CLS Bank v. Alice Corp., Dkt. No. 2011-1301 (Fed. Cir. May 10, 2013) (en banc).
Previously I noted that the USPTO told its Patent Examining Corps that the Federal Circuit’s decision in CLS Bank v. Alice, Dkt. No. 2011-1301 (Fed. Cir. May 10, 2013) resulted in “no change in examination procedure for evaluating subject matter eligibility.” In this post I will summarize the various opinions in CLS Bank.
The district court held that certain claims of Alice’s U.S. Patents 5,970,479 (the “’479 patent”), 6,912,510 (the “’510 patent”), 7,149,720 (the “’720 patent”), and 7,725,375 (the “’375 patent”) are invalid under 35 U.S.C. § 101 as being directed to patent in-eligible subject matter.
Result without Agreement on Reasons. On May 10, 2013 the Federal Circuit issued its en banc opinion in CLS Bank v. Alice, Dkt. No. 201. The court’s main per curiam opinion provided, in total:
Upon consideration en banc, a majority of the court affirms the district court’s holding that the asserted method and computer-readable media claims are not directed to eligible subject matter under 35 U.S.C. § 101. An equally divided court affirms the district court’s holding that the asserted system claims are not directed to eligible subject matter under that statute.
The court was sharply divided across six separate concurring and dissenting opinions. A majority of the judges could not agree on the reason for the result. Therefore as noted by Judge Newman, the en banc review was hoped to provide certainty regarding the bounds of patentable subject matter by providing an objective standard, but this failed as a majority of the court could not agree on such a standard. As Newman stated regarding the CLS Bank opinion. “…we have propounded at least three incompatible standards, devoid of consensus, serving simply to add to the unreliability and cost of the system of patents as an inventive for innovation.” Newman Op. at 1-2. Therefore the result of future appeals in the area of software subject matter will depend on the random selection of the panel of judges hearing the particular appeal, unless the case is resolved by the Supreme Court or by a later en banc case at the Federal Circuit.
Summary By Opinion
- Judges Lourie, Prost, Reyna, and Wallach. Judge Lourie would have invalidated Alice’s methods, computer-readable media, and systems claims as claiming patent ineligible subject matter.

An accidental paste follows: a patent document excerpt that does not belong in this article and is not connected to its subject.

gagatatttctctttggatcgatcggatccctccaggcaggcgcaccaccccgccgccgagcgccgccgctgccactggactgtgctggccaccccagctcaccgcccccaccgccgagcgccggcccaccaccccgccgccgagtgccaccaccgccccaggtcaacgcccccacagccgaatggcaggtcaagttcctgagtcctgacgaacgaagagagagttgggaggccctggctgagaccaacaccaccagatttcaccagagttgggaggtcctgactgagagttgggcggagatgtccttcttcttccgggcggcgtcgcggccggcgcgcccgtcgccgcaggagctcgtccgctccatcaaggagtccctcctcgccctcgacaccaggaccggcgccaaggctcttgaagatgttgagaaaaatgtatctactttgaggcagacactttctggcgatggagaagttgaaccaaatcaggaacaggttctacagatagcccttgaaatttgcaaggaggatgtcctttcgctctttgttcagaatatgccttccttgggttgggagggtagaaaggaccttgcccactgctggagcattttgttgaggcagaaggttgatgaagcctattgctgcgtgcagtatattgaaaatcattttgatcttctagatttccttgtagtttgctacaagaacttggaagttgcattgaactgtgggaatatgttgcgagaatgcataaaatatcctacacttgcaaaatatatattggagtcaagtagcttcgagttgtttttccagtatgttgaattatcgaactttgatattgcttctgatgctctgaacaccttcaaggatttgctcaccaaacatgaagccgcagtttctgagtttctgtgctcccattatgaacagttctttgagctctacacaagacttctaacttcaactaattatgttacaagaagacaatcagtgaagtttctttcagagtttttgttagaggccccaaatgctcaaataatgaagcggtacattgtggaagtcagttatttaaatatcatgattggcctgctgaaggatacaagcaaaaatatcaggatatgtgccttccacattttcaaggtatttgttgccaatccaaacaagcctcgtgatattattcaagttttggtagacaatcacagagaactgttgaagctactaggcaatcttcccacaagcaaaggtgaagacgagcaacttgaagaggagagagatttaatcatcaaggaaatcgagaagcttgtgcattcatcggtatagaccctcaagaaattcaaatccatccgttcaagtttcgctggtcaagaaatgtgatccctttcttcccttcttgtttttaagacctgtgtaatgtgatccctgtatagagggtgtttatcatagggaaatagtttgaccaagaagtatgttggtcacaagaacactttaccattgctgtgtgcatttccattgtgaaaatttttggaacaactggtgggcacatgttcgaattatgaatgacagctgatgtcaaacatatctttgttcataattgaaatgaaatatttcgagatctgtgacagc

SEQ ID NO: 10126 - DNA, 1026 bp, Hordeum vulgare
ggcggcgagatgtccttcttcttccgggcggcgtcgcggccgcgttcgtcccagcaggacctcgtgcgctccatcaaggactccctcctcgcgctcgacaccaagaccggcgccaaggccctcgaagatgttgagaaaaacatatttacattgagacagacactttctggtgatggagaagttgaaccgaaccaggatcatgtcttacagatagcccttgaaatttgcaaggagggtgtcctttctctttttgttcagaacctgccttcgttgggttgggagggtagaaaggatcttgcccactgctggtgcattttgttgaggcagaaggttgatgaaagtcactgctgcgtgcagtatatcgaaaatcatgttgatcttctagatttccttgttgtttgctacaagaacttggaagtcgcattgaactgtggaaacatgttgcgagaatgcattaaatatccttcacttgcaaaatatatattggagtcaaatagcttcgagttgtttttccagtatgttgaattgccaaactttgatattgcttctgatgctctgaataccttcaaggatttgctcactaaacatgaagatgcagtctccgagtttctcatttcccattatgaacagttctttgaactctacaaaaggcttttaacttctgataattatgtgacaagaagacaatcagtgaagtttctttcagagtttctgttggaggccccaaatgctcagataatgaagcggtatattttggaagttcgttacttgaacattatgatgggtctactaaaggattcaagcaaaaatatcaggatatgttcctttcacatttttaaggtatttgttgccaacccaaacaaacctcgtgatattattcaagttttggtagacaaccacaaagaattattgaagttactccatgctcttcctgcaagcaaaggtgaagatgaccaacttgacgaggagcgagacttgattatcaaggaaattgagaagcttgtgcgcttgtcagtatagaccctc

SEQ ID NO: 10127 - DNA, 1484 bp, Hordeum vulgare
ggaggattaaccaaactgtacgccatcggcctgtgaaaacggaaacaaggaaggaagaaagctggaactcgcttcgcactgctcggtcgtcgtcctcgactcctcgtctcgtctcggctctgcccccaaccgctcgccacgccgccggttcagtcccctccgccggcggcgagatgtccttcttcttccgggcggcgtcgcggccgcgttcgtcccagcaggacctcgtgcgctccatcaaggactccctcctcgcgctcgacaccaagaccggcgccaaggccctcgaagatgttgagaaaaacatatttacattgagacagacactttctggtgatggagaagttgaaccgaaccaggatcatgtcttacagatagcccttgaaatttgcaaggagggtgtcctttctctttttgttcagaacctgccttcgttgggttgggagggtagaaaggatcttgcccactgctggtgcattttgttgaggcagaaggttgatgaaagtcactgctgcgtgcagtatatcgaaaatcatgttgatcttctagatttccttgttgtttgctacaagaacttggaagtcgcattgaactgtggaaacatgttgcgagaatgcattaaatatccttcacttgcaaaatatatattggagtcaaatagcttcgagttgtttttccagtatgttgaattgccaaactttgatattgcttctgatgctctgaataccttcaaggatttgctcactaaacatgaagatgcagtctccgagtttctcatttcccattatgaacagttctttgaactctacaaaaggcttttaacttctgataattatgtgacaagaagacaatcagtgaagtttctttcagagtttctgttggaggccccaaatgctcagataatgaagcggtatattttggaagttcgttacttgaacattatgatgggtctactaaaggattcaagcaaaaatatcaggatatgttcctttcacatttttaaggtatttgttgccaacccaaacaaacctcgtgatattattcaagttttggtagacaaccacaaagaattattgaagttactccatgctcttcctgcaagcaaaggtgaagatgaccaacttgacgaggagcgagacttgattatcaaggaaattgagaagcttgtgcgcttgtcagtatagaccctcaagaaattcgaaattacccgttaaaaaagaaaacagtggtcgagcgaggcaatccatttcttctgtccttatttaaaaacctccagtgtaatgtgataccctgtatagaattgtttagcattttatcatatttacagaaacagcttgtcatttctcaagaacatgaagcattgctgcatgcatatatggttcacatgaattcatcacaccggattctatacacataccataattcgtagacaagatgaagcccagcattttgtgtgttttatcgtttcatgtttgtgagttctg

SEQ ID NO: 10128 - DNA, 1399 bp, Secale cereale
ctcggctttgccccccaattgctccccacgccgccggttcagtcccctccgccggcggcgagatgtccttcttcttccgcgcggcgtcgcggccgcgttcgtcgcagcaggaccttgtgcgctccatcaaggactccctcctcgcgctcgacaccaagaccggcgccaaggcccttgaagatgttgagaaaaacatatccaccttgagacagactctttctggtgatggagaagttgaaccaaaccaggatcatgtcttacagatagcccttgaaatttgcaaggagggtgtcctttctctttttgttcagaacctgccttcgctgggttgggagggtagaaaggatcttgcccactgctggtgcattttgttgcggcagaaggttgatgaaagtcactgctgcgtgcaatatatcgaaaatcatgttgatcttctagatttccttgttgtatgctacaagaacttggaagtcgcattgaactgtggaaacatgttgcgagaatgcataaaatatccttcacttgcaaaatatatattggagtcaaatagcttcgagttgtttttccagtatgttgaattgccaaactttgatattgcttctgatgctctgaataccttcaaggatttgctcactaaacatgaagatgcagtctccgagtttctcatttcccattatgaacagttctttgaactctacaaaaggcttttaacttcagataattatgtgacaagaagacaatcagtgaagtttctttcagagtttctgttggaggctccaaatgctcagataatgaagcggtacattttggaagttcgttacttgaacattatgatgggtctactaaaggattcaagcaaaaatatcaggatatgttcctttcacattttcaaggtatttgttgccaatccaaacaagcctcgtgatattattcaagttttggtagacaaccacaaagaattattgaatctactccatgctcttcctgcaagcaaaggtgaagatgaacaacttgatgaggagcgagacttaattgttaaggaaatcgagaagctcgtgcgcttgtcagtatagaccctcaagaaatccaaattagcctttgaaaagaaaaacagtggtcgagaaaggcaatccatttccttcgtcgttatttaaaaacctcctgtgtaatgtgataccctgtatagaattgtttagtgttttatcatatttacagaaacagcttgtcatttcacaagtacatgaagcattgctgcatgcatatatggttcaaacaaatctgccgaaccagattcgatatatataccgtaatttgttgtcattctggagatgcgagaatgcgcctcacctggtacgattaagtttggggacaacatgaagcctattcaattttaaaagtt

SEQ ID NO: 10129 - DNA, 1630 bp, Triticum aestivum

- Chief Judge Rader and Moore would invalidate Alice’s methods and computer-readable media claims, but upheld the system claims.
- Judges Linn and O’Malley would have upheld all the claims as patent eligible.
- Judge Newman would have upheld all the claims as patent eligible.
Summary by Claim Type
- Method Claims:
- Valid: Linn, O’Malley, and Newman
- Invalid: Lourie, Dyk, Prost, Reyna, Wallach, Rader, and Moore
- Computer-Readable Media Claims
- Valid: Linn, O’Malley, and Newman
- Invalid: Lourie, Dyk, Prost, Reyna, Wallach, Rader, and Moore
- System Claims
- Valid: Rader, Moore, Linn, O’Malley, and Newman
- Invalid: Lourie, Dyk, Prost, Reyna, and Wallach
J. Lourie: All Claims Not Patent-Eligible
Method claims. Claim 33 of the ‘479 patent was a representative method claim:
A method of exchanging obligations as between parties, each party holding a credit record and a debit record with an exchange institution, the credit records and debit records for exchange of predetermined obligations, the method comprising the steps of:
(a) creating a shadow credit record and a shadow debit record for each stakeholder party to be held independently by a supervisory institution from the exchange institutions;
(b) obtaining from each exchange institution a start-of-day balance for each shadow credit record and shadow debit record;
(c) for every transaction resulting in an exchange obligation, the supervisory institution adjusting each respective party’s shadow credit record or shadow debit record, allowing only these transactions that do not result in the value of the shadow debit record being less than the value of the shadow credit record at any time, each said adjustment taking place in chronological order; and
(d) at the end-of-day, the supervisory institution instructing ones of the exchange institutions to exchange credits or debits to the credit record and debit record of the respective parties in accordance with the adjustments of the said permitted transactions, the credits and debits being irrevocable, time invariant obligations placed on the exchange institutions.
J. Lourie, joined by J. Prost, Reyna, and Wallach, found this claim describes the concept of reducing settlement risk by facilitating a trade through a third party, which is an abstract idea. Then the issue was whether the claim adds “significantly more” to the abstract idea. J. Lourie found that none of the limitations in the claim added anything of substance to the claim beyond the abstract idea.
J. Lourie found that the computer limitation (the parties agreed that claim 33 required a computer) was nothing more than an “insignficant post solution activity.” J. Lourie stated that “At its most basic, a computer is just a calculator capable of performing mental steps faster than a human could.” J. Lourie continued, “Unless the claims require a computer to perform operations that are not merely accelerated calculations, a computer does not itself confer patent ability.”